Candlewick Press: Somerville, MA, 2011.
Peet gives a sketch of four generations in Norfolk, England. Older history is focused on the women, up until Clem's parents, World War II and beyond. There is just a glimpse of the great-grandmother, and Clem's mother has always lived with his grandmother. His father, a mechanic in the war, must adapt his life to suit the grandmother, who stubbornly keeps to her own ideas.
The story starts with an explosive act. A plane flown into their home at the end of the war precipitates the birth of Clem. There are two more explosions that wrench Clem's life. One devastates his teenage plans. The other may drag him back to Norfolk after he has escaped.
The core of the story is Clem's coming of age and his relationship with a wealthy, local farmer's daughter (both families having connections through the generations). They sneak around, as their relationship would not be permitted. The developments occur simultaneously with the Cuban missile crisis, so you know something is imminent. It works well metaphorically as well.<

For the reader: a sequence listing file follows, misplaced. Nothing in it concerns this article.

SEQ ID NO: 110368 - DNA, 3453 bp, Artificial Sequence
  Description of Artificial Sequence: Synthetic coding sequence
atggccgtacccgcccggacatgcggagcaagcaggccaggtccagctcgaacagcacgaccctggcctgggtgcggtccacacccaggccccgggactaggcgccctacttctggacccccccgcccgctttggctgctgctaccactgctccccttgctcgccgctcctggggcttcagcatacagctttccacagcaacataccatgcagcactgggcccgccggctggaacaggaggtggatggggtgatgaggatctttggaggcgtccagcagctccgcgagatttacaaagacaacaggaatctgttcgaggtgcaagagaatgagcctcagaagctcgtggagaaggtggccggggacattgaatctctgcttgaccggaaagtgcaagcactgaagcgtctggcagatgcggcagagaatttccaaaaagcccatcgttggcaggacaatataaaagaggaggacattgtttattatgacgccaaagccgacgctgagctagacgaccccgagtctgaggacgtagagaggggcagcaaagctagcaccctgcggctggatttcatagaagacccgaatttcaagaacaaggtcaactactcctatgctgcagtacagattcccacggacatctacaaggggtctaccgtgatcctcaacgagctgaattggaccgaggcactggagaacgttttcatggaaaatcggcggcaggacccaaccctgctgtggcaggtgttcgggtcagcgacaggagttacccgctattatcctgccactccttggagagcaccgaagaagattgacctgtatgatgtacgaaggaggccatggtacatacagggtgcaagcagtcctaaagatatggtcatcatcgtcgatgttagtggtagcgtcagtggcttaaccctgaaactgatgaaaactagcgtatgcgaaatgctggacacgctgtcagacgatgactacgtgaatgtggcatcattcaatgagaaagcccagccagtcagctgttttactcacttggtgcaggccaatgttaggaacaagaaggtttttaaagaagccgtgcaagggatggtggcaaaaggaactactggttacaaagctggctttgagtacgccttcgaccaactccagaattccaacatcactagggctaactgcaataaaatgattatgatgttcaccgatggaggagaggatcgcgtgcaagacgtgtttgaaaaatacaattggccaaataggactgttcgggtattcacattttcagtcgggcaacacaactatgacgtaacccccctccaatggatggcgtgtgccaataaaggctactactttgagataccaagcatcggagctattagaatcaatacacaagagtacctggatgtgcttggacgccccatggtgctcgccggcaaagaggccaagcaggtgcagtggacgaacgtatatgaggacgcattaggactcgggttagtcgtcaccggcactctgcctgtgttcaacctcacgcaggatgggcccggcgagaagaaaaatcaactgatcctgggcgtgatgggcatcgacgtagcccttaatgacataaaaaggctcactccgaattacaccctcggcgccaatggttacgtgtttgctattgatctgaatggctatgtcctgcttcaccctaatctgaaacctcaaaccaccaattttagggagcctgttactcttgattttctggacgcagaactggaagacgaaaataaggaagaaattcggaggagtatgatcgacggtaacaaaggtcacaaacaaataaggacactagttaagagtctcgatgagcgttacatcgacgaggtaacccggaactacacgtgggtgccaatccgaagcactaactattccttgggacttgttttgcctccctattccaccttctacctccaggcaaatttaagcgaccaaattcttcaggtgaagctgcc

The buildup for the setting is large in scope, history and peripheral characters, and part of what I like about the book. It is unusual to connect that many periods, but it works. The characters are what I enjoyed most. Unfortunately, the two I like best (Clem's dad and Clem's friend Goz) are bit parts. Social commentary is an aspect of the book. To read a second time focusing on that might be interesting. The Cuban part, though oddly stitched in, is an interesting example of the times and propels the story forward. It's a good read, but Tamar made more of an impression.
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